Rachel Maddow ran a heartbreaking segment on Isabel’s story, and celebrities have taken up her cause. But it shouldn’t take celebrities or members of Congress to point out the obvious: it’s beyond outrageous to deport people who are legally in this country for lifesaving medical treatment most of them can’t receive in their countries of origin.

 

Ann Daniels and Heidi Rand contributed to this article

Photograph of Isabel Bueso by Garvin Tso

The administration is causing the border crisis

This article was edited on July 17 to reflect updates since its original publication.

The administration is right about there being an immigration crisis, but it isn’t for the reasons they’re telling us: It’s because THEY created it. And they’re making it worse by quietly instituting new administrative policies that will make conditions worse for more people, and deny the right to apply for asylum to more people.

Tell your Members of Congress: Don’t let this administration get away with this. All of our MoCs care about this issue, and they all need to raise their voices and show leadership on these new and renewed threats. And one in particular – CA-15 Representative Eric Swalwell, who sits on the House Judiciary Committee – can do even more.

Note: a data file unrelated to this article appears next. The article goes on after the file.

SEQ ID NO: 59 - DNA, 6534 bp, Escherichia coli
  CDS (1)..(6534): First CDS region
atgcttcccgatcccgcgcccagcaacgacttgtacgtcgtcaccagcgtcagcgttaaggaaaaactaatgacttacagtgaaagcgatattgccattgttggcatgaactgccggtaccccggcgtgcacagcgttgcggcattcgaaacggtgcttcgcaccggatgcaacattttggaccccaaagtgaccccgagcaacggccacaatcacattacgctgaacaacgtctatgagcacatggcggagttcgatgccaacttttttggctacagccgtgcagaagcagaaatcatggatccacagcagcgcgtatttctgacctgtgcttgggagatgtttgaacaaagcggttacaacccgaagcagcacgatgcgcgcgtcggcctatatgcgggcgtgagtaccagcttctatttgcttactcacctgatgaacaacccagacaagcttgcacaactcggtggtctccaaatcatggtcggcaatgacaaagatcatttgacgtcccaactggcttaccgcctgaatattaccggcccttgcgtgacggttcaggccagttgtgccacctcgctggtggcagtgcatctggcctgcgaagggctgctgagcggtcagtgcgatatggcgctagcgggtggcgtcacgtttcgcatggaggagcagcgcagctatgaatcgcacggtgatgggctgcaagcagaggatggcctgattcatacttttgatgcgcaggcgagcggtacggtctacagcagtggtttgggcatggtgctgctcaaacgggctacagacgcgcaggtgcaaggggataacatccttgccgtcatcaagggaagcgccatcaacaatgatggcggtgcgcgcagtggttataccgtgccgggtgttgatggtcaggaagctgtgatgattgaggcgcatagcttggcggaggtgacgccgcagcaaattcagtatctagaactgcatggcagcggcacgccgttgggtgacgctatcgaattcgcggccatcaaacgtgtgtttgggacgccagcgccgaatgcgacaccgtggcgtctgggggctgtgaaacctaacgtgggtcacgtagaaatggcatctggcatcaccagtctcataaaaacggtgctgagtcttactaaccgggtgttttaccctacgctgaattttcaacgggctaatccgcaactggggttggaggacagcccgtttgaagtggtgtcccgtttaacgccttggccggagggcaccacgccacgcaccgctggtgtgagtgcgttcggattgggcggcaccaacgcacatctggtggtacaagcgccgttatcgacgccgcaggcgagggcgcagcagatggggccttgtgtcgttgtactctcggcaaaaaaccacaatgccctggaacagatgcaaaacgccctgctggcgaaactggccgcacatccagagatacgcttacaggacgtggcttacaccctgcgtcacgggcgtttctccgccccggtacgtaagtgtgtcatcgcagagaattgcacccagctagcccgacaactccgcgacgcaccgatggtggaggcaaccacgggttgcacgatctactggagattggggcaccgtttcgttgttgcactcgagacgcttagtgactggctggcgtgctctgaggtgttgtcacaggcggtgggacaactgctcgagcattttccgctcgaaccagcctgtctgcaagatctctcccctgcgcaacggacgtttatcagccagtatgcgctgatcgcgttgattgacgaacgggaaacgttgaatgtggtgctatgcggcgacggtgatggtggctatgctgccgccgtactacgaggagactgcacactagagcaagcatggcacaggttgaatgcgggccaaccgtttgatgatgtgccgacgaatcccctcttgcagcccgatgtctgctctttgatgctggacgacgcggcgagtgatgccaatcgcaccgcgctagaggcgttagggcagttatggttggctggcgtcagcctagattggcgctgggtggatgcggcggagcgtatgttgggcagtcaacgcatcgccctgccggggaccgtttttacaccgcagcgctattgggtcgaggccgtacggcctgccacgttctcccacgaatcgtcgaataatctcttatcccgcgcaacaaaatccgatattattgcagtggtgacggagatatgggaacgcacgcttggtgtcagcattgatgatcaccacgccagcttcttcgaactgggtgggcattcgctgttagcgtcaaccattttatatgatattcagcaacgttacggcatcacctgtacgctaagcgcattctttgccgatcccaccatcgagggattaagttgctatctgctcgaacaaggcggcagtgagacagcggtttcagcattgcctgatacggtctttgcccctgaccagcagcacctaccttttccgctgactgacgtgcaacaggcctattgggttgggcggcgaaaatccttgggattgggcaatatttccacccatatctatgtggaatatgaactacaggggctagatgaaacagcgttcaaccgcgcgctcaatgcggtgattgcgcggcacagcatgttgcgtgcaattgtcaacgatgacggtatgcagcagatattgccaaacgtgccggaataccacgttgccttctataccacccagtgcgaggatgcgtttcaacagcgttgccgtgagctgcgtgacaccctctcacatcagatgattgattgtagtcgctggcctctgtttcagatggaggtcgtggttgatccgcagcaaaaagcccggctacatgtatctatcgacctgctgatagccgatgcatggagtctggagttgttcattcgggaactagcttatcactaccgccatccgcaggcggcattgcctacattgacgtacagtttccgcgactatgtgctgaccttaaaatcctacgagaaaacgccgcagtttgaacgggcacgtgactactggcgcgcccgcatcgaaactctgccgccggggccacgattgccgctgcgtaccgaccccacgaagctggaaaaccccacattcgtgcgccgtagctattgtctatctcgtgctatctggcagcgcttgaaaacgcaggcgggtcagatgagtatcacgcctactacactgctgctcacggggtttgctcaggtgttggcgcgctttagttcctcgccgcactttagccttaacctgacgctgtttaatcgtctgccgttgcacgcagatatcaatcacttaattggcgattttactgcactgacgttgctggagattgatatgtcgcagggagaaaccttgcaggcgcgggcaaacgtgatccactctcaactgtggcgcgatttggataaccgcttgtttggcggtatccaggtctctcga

Read on for more background, and scroll down for call scripts and contact info.

Crisis #1: The Kids:

On July 1, advocates for immigrant children filed a lawsuit to block a new policy that would give US Customs and Immigration Services (USCIS) officials the power to decide that children designated as unaccompanied minors should lose that status. The suit names the federal Department of Homeland Security and its acting secretary, Kevin McAleenan, as well as U.S. Citizenship and Immigration Services and its acting director, Ken Cuccinelli as defendants, and seeks class-action status and a temporary restraining order.

Unaccompanied minors have special protections in asylum applications, including being granted an asylum interview rather than having to appear in court. In other words: under an unannounced policy change, officials will quietly be able to make it far more difficult for tens of thousands of children to apply for asylum, without the public ever knowing. (This, by the way, is why we need investigative journalism and better whistleblower protection laws…)